You need to actually find a different way to make that information, to hide it off screen and to ensure that people who are ... people do not see the information but it’s available for screen readers. We created a class called element-invisible that allows for screen readers to do this, or that works properly, we've tested it, and this is a larger challenge that one might think, because there are only a few lines of CSS.

Finding a solution that works well and is something that can be implemented across the board is a huge challenge. The solution that we had implemented prior to Snow Leopard, but Apple put out a release of its Operating Systems that destroyed the functionality that we’d implemented before, but simply even creating the class name .element-invisible, and standardizing on that was a huge move for Drupal seven, because it means that even if you want a different approach to how we implement this, you can just override that, but everyone who is ... all the modules and themes have a consistent way to name their information, to hide information off-screen and also to make sure that it’s visible on focus.

That’s like the Skip to Main link that shows up in the themes is one of the pieces that uses the .element-focusable, and there’s other elements where you would want to hide them unless a keyword only user is navigating to that particular element. Finally, there needs to be clear way to go up and hide it to make sure that it’s not presented to anyone, so that's the .element-hidden that’s available there. This will also be supported into Drupal eight, but we are changing the names a little bit. It'll have the same functionality but probably have a slightly different name space.

Another, we’ve done a considerable amount of work is with the Form Elements, and this is a huge challenge for a lot of sites that need to be accessible because so many web forms are not very accessible. The biggest way that they fall down is that there is not a direct link between the description of the input field and the input field itself. There’s no semantic tie between the two. We’ve added a title to ensure that it is with... We have a title setup so that there’s a direct link between the title and the label, so that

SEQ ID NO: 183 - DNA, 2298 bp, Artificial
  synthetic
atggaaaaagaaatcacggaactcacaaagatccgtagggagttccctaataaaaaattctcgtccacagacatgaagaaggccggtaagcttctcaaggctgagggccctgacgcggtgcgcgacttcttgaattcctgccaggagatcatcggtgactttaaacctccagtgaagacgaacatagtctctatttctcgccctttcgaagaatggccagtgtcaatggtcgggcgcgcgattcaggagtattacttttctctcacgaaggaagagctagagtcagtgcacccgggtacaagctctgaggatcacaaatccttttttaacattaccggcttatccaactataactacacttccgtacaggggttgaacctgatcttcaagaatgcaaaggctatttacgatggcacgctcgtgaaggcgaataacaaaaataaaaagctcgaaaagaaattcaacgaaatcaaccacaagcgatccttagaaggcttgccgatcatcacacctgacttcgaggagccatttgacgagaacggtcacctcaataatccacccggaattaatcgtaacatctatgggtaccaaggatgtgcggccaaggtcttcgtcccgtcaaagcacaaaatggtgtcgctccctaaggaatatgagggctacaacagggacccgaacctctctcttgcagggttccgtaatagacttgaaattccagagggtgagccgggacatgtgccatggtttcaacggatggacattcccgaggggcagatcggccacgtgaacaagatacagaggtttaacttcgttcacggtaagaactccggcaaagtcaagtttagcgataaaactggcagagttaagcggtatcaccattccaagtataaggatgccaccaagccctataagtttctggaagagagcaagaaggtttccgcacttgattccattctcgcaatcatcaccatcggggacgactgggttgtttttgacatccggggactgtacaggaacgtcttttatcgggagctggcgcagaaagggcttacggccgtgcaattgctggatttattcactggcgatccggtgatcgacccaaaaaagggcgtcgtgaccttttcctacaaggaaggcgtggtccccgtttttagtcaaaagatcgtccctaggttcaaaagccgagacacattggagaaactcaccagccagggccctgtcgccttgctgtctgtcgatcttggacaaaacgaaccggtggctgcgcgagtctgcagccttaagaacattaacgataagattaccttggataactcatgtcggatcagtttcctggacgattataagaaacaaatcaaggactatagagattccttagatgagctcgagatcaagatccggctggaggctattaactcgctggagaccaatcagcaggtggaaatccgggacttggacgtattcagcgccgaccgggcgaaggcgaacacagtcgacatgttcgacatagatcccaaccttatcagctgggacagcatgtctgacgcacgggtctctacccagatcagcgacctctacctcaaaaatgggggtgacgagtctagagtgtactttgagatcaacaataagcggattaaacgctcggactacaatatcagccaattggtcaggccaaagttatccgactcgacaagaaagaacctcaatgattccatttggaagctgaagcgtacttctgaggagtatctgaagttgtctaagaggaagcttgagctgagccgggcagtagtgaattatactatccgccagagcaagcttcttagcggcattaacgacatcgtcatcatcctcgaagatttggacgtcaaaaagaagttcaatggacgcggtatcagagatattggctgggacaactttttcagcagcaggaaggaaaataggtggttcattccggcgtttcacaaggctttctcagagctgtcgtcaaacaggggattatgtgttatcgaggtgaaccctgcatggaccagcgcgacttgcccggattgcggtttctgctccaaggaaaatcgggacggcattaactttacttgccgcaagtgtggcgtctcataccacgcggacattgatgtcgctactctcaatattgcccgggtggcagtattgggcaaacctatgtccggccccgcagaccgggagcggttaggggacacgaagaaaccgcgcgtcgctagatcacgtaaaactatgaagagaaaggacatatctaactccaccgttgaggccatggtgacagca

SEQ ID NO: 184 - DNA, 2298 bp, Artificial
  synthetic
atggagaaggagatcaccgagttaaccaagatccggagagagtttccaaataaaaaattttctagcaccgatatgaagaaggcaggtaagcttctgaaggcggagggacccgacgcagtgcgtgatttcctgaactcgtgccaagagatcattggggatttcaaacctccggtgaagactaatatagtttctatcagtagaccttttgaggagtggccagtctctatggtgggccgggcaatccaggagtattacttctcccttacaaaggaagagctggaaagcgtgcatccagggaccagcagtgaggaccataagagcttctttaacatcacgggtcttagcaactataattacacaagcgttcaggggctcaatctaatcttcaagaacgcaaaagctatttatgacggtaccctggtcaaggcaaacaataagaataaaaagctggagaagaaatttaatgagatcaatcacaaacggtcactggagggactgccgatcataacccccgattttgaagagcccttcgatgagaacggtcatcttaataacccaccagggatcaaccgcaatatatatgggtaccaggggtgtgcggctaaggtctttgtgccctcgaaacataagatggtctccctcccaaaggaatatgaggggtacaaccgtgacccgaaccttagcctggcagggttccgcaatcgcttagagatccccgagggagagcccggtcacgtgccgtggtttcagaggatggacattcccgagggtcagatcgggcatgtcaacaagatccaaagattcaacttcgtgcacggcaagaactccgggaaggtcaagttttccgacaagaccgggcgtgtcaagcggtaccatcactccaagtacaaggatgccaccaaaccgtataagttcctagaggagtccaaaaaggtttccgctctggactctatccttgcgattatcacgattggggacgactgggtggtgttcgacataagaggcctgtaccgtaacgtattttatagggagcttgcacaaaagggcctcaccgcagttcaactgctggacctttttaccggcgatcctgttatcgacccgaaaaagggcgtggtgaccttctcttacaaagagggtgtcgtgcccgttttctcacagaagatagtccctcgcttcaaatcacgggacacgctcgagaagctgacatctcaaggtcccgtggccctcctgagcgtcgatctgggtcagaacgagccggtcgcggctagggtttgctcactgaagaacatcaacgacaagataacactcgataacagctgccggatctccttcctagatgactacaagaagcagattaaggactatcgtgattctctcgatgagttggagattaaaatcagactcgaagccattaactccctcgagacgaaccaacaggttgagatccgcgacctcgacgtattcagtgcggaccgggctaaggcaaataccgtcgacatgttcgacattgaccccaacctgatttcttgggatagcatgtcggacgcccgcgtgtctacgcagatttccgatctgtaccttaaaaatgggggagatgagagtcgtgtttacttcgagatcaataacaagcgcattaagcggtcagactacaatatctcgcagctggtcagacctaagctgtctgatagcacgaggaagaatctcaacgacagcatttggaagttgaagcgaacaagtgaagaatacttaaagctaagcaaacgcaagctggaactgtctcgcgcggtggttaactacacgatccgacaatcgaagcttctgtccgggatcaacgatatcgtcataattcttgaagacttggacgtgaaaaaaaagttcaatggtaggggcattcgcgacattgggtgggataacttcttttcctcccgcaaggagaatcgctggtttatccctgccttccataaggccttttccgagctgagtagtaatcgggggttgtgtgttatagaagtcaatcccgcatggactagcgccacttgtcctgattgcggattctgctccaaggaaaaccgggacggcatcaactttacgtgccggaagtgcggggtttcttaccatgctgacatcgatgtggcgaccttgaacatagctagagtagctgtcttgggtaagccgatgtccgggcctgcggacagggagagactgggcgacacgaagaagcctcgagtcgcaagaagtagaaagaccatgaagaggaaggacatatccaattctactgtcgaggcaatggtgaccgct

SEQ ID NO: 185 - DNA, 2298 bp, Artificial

anytime you’re creating an input form that that information is setup and structured so that it's consistently convening over to the browser and that there's a semantic tie between the two. We’ve also built in control so that from a programmatic point of view, a developer can associate a label before, after, or make it invisible so that it isn't something that is going to necessarily ... that consistently to hide that information from the screen, but also make sure that it is all hidden from the screen, but it is available for users to be able to ... for an assistive technology to be able to read the information. This is all part of the Forms Application Programming Interface.

Essentially, all modules, and if they have a form associated with it, will use the Forms API to create them, so by addressing things in Core we’re able to go up and to address them in the application. There’s also work that we’ve done in the forms to ensure that there are more headers and greater semantic information associated with the form's interface, so it's easier for people to navigate, or especially for blind users to be able to navigate through the interface.

We didn't fix everything in Drupal seven and we won't fix everything in Drupal eight, as this is a continually evolving process and there is always going to be changes and new standards and new things that need to be addressed. If you're aware with those problems are, then you can look for it and design ... You can focus your efforts and attention on either avoiding them or focusing your programmerss on implementing solutions that will help get around that. In some cases, the problems that have been identified in Issue Queue already have patches for them, and they have a patch that you could apply back from Drupal eight to Drupal seven or that you could go to the modules that will allow you to take the ideas that are discussed in Issue Queue and bring into the application itself.

One of the problems is fieldsets, and complex forms. One of the issues with the complex form is you need to have something to bind them together, and the approach that is recommended is to tie them into a fieldset so that a phone number, if you've got an area code, a phone number and an extension, if those are in three different input forms, that those are bound together and that there's a label associated with the fieldset to explain what it is those different elements are, and that this is part of a group.